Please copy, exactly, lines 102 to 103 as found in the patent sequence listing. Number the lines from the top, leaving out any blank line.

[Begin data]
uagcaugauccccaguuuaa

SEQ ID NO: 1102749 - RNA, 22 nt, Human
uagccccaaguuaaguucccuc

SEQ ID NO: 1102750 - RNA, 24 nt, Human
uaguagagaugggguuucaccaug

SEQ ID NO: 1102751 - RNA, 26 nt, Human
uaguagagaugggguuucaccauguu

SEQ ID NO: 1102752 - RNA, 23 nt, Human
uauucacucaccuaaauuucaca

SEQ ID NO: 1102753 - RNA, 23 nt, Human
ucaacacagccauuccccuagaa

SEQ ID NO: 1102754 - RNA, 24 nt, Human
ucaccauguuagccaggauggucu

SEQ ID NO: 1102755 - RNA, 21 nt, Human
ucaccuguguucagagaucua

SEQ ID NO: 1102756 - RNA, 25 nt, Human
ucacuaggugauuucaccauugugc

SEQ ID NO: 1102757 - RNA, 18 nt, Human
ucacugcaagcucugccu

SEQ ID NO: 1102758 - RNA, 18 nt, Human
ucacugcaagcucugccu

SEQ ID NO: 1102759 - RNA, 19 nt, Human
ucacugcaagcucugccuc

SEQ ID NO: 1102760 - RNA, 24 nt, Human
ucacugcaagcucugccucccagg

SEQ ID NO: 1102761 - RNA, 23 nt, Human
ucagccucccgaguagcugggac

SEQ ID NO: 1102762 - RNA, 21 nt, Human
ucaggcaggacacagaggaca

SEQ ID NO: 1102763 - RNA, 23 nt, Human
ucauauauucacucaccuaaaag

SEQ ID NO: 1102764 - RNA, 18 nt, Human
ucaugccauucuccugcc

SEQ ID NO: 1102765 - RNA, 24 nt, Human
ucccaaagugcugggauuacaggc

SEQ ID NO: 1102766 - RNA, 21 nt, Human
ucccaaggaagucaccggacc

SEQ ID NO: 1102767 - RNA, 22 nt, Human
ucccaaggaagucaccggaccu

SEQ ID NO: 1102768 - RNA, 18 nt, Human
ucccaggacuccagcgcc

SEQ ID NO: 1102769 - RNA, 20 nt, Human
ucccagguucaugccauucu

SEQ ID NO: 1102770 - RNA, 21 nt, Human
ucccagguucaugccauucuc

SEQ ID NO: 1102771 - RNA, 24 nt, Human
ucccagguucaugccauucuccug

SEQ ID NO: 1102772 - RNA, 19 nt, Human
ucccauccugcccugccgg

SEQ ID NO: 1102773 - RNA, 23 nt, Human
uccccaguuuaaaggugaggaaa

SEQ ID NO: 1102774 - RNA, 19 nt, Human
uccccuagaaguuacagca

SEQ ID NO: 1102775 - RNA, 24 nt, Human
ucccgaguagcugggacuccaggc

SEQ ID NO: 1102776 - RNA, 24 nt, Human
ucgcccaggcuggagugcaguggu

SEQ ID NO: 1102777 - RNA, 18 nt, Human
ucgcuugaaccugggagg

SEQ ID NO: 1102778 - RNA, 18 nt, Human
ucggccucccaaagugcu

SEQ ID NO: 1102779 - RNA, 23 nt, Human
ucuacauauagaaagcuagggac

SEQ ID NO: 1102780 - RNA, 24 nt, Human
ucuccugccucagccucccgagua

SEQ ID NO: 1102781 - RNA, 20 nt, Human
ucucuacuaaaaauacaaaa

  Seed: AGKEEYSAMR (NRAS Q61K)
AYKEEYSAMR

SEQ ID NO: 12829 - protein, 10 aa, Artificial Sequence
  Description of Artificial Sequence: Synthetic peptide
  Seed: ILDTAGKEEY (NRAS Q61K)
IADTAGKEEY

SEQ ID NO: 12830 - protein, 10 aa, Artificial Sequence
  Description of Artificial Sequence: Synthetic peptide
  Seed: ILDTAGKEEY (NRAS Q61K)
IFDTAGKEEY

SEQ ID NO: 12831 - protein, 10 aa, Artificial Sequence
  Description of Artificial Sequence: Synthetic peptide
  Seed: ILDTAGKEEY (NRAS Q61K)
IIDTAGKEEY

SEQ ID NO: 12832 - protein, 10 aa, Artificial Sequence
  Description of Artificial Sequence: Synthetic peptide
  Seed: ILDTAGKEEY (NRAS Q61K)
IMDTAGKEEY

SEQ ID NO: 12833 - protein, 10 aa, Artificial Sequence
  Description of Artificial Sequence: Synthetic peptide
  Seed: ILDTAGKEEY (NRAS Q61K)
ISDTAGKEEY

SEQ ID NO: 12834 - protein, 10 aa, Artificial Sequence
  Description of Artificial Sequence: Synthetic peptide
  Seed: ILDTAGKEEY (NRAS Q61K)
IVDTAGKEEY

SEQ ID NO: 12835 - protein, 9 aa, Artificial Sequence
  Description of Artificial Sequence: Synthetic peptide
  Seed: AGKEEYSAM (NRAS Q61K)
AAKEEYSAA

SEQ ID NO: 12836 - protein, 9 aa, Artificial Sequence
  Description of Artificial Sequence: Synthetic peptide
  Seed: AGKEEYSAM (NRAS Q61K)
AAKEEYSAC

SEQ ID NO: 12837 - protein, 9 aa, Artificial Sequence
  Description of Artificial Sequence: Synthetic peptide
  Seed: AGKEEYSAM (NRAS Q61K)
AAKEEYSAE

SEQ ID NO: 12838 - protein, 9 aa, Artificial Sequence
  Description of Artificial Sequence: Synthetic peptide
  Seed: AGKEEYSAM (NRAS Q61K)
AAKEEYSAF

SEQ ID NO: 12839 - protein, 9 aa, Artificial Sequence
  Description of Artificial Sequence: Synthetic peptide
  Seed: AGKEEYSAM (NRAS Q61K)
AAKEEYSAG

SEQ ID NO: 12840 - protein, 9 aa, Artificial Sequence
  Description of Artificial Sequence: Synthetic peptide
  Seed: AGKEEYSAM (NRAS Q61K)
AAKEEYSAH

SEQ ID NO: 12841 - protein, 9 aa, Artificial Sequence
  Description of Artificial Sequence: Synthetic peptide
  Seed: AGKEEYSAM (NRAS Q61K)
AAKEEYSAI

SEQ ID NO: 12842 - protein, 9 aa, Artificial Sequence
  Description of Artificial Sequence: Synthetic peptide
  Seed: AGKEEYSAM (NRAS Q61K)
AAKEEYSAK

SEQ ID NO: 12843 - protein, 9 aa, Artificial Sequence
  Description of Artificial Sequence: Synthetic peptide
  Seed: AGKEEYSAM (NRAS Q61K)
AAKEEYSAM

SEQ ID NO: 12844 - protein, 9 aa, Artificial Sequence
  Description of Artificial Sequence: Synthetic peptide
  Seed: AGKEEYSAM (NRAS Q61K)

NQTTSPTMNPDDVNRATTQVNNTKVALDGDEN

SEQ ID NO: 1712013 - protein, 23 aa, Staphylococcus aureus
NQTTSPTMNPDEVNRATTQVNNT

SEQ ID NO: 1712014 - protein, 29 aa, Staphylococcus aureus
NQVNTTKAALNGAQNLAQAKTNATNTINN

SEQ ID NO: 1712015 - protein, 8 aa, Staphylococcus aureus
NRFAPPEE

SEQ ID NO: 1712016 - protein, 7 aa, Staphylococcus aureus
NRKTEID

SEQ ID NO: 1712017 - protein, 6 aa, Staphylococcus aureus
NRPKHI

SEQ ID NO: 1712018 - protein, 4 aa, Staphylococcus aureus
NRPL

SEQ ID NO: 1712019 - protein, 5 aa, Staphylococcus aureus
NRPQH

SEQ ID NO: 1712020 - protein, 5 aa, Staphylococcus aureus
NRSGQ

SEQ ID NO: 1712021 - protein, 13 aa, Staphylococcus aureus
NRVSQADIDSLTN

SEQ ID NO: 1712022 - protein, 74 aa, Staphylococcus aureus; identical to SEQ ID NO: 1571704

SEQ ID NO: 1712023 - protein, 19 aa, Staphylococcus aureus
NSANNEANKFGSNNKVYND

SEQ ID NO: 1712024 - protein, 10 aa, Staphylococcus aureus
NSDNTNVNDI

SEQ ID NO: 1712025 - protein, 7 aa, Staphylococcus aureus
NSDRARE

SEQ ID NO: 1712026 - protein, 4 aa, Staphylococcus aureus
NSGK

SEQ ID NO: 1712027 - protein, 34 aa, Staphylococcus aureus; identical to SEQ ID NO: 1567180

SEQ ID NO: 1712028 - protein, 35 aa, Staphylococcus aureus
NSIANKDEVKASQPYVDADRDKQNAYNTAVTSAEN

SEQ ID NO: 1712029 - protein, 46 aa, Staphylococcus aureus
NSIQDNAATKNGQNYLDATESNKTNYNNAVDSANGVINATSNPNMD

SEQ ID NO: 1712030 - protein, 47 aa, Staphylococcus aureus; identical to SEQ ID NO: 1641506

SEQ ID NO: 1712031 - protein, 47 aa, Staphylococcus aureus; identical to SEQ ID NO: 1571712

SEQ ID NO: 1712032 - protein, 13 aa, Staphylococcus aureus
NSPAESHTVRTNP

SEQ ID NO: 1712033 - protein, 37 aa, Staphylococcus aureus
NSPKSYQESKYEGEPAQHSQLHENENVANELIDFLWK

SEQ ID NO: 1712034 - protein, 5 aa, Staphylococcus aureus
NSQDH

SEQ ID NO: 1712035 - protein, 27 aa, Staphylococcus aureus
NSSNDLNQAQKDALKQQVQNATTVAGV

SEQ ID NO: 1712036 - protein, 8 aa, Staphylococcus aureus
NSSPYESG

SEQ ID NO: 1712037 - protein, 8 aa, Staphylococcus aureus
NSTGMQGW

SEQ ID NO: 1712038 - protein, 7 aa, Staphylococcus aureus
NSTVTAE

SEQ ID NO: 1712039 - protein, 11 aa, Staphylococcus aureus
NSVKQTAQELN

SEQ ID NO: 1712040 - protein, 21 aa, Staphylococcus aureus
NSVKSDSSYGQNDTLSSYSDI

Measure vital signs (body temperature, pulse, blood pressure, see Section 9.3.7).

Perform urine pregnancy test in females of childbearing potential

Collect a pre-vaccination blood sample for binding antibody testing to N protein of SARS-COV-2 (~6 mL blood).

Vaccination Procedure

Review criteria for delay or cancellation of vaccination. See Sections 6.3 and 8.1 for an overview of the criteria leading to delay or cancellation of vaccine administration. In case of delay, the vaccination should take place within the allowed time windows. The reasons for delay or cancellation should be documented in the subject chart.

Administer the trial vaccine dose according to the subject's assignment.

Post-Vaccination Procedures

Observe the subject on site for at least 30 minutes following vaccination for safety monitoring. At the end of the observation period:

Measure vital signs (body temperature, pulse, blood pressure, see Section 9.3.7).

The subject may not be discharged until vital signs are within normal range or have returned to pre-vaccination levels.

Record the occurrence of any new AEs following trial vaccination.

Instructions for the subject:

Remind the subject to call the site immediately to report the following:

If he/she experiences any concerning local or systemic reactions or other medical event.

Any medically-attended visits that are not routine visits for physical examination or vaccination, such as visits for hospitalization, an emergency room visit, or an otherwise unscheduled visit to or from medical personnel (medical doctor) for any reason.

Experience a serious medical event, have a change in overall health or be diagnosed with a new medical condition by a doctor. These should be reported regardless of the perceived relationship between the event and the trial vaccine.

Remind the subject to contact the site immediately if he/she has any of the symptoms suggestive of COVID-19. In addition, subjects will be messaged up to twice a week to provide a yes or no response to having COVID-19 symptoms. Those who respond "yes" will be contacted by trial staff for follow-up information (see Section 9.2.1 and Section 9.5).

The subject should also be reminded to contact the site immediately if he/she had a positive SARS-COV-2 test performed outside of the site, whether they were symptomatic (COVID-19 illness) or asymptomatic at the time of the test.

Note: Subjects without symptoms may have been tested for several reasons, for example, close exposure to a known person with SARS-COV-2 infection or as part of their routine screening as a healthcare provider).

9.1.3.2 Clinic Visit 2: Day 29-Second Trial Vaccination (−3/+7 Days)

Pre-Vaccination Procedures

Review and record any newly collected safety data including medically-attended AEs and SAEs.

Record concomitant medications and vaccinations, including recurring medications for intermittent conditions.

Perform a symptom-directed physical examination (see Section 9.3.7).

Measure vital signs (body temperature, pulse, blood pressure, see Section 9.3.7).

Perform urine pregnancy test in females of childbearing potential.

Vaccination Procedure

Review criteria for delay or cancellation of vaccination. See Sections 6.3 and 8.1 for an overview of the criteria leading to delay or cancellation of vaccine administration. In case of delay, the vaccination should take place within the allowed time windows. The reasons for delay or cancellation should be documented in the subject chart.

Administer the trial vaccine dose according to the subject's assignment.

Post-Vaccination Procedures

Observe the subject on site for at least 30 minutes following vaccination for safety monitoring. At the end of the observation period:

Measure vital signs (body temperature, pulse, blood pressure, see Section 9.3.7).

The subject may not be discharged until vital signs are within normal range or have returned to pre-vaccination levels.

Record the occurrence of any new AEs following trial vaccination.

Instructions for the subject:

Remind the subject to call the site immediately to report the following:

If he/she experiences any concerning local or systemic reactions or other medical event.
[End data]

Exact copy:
SEQ ID NO: 12837 - protein, 9 aa, Artificial Sequence
  Description of Artificial Sequence: Synthetic peptide